Under Your Wing Veteran Board Members Help Newcomers

 Remember your first day at a new school? Most likely, you didn’t know a soul, had no idea what the students were learning and you probably felt  nervous, intimidated or maybe even afraid. In most cases, this is what it’s like to be a new board member. A newcomer walks into a meeting for the first  time, may or may not know a fellow neighbor volunteer, has no idea what is or  has been discussed and might feel nervous, intimidated or even afraid. Getting  elected to a building's board is a big job and the members can also find  themselves unsure of what they've gotten themselves into.  

 The Buddy System

 To help a new student calm their jitters and get them up to speed to the others,  a teacher will often appoint a current student to show the newbie around, share  books, introduce him or her to other students and give them the lay of the  land. It’s a great concept to follow when new members come on board.  

 “I am an advocate of having a more experienced board member mentor a new board  member,” says Greg Carlson, RAM, NYARM, founder and president of Carlson Realty, Inc.,  and the executive director of the Federation of New York Housing Cooperatives & Condominiums (FNYHC). “The one on one works great.”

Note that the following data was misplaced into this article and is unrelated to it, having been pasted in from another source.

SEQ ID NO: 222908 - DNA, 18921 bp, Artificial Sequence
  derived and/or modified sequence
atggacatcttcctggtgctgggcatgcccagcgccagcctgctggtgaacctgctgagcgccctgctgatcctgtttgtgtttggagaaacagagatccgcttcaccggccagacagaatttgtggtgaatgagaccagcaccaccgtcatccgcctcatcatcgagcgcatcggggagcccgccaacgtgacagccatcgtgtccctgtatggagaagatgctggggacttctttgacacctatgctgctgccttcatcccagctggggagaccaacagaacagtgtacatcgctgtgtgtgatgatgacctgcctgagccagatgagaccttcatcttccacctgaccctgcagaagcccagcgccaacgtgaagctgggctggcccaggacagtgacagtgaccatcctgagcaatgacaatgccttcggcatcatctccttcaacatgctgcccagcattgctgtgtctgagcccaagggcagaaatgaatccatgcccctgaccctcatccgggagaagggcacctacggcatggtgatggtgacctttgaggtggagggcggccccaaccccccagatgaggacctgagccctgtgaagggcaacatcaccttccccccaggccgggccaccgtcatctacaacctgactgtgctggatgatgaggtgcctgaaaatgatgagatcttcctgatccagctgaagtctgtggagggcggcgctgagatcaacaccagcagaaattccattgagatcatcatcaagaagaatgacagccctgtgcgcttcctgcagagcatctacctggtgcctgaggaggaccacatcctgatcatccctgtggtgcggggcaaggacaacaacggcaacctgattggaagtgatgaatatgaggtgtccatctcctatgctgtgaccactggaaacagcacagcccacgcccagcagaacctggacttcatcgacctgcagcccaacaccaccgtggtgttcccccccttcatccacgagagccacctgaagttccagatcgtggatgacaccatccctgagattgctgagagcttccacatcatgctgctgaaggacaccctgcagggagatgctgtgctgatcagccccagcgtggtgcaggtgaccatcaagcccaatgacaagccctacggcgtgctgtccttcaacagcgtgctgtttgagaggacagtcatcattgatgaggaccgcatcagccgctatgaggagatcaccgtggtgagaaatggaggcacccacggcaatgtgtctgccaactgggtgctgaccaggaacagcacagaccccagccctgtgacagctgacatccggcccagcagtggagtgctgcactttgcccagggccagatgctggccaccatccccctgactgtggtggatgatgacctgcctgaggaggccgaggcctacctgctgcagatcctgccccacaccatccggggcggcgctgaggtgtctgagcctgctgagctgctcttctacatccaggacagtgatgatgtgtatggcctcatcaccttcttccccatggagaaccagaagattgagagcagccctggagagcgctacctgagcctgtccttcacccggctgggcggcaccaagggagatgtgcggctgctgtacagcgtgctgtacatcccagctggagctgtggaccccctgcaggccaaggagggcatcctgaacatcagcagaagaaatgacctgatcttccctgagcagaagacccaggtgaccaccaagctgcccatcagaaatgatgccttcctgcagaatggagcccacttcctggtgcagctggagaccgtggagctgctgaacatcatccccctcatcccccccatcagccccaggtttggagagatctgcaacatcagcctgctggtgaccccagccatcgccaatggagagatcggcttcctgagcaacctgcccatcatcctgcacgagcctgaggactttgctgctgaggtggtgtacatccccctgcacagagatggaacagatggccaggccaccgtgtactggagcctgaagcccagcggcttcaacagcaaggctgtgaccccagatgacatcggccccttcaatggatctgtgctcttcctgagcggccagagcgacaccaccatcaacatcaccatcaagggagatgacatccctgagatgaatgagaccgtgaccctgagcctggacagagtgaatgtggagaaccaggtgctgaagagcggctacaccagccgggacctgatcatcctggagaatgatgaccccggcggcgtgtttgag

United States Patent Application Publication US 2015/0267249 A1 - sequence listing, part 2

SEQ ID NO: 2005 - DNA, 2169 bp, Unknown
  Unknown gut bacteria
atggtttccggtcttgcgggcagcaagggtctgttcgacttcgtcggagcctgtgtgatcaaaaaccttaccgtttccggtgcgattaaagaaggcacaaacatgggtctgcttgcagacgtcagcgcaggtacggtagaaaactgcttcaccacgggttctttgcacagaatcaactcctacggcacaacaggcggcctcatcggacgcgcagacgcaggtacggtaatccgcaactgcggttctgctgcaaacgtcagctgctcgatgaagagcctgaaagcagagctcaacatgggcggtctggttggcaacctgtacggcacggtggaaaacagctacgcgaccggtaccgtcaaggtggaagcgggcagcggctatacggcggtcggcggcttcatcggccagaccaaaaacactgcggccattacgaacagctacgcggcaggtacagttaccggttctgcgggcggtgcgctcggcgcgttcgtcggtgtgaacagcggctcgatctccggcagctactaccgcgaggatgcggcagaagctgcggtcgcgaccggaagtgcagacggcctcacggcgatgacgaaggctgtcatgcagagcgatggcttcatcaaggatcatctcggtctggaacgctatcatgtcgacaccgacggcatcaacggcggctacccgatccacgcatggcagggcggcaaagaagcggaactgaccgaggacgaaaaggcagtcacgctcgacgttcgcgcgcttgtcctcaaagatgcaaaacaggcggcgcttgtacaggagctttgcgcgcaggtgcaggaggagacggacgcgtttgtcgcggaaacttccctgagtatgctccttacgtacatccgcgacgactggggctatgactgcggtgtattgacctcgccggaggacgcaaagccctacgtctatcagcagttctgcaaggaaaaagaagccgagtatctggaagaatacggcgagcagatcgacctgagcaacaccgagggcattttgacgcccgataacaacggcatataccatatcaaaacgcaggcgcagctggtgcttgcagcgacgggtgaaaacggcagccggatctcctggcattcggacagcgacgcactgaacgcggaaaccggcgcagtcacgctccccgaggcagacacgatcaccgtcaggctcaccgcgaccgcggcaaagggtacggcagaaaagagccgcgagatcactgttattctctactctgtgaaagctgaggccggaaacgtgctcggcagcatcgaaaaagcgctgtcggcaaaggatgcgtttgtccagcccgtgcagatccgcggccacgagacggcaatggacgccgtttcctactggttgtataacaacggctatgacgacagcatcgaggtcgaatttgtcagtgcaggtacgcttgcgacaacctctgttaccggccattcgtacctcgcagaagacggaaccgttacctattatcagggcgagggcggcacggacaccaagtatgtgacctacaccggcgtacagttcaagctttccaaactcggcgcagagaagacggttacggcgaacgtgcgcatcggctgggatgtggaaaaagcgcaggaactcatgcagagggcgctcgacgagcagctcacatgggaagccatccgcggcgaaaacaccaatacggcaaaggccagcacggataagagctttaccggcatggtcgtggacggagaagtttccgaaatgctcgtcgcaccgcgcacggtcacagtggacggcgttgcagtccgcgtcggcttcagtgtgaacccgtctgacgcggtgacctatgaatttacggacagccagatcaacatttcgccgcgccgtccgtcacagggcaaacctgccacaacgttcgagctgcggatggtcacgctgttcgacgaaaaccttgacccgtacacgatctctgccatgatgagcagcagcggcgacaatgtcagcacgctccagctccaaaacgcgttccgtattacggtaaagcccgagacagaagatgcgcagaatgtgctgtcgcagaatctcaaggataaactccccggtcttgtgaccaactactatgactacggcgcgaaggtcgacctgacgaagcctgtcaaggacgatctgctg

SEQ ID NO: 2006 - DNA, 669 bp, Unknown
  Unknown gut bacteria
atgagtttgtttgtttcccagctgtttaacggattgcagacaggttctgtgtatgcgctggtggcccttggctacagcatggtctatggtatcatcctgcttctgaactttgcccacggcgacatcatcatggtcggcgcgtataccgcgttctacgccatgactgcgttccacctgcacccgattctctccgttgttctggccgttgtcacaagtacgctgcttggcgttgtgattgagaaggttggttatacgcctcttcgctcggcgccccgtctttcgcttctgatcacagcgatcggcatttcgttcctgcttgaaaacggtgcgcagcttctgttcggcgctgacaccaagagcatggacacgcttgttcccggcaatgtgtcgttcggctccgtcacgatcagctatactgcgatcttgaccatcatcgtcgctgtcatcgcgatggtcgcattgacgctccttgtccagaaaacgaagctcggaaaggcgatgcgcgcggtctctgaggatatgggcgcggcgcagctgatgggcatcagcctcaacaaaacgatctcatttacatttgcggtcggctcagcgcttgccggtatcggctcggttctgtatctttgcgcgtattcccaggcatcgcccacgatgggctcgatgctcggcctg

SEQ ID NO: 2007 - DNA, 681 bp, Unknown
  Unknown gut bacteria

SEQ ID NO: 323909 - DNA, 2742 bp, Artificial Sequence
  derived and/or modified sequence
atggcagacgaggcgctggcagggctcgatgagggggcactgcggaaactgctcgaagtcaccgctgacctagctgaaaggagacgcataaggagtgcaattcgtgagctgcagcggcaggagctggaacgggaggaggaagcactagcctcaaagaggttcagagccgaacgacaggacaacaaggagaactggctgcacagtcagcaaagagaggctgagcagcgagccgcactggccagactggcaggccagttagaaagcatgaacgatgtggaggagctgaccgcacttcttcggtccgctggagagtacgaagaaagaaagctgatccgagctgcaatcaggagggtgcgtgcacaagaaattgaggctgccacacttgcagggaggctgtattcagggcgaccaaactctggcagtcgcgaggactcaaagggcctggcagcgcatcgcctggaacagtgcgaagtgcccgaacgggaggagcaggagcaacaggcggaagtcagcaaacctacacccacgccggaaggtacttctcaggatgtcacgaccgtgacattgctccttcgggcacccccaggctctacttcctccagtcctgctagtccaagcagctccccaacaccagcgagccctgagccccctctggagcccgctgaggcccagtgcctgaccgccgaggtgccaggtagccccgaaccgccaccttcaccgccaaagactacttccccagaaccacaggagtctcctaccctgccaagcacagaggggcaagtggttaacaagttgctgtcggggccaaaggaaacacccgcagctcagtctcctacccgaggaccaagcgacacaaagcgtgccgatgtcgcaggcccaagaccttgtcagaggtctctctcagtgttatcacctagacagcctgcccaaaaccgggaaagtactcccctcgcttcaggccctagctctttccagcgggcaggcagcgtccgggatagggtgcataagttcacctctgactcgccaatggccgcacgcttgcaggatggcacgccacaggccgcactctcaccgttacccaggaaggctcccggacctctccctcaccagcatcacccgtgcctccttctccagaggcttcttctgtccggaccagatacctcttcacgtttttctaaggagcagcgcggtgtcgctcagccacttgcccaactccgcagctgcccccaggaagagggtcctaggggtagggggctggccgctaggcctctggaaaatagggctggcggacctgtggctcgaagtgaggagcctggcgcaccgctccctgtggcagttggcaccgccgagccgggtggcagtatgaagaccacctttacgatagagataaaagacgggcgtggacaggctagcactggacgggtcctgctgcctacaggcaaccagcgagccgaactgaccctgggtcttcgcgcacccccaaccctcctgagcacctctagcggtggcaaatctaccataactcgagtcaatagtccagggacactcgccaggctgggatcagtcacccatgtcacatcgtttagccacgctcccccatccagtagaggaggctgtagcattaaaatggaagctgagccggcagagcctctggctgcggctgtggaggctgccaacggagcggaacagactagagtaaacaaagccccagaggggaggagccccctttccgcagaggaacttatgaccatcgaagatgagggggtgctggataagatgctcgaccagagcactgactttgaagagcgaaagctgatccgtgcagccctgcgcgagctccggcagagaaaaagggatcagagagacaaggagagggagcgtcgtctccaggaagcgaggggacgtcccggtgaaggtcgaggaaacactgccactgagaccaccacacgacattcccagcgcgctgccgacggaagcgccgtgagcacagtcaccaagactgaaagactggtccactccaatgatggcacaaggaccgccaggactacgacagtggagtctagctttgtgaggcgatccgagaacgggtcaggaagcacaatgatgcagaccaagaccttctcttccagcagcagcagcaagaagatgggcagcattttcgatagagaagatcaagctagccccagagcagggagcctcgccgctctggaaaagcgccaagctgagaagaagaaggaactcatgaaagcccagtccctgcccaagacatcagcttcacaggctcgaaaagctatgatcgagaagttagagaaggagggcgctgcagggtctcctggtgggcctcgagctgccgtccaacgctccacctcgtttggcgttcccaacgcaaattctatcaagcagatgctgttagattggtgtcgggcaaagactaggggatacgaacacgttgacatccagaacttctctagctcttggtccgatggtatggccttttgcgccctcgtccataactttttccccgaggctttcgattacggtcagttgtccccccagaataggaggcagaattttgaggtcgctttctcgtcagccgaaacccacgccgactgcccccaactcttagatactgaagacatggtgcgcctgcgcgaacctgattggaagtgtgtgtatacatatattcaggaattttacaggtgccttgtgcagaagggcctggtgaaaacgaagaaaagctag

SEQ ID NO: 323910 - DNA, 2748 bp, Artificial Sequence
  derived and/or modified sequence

It’s during this one-on-one time that the newcomer can review the current issues at  hand in the building. “An incoming new board member should also be given a kit, which contains all of  the essential documents and resolutions including a set of bylaws, house rules,  policies the co-op board has adopted, subletting policies, etc.,” says Eric M. Goidel, a senior partner at the law firm of Borah, Goldstein, Altschuler, Nahins & Goidel, P.C., a law firm in Manhattan. “Even though they may have gotten these documents as a shareholder when they  moved in, maybe they aren’t aware that those versions are no longer relevant  

 In addition to reviewing the documents, the veterans can also give the rookies a  working knowledge of the building, its occupants, problems and needs. “They should know the condition of the building and what repairs and maintenance  items are necessary,” says Richard Herzbach, an attorney and partner at Certilman Balin Adler & Hyman, LLP in East Meadow, who recommends that the new kids on the block review  past minutes of meetings.  


Related Articles

Boards and the Law

How Statute and Governing Documents Intersect

Bankrolling the Board

The Question of Compensation

The Co-op as Legal Entity

New York City’s Housing Model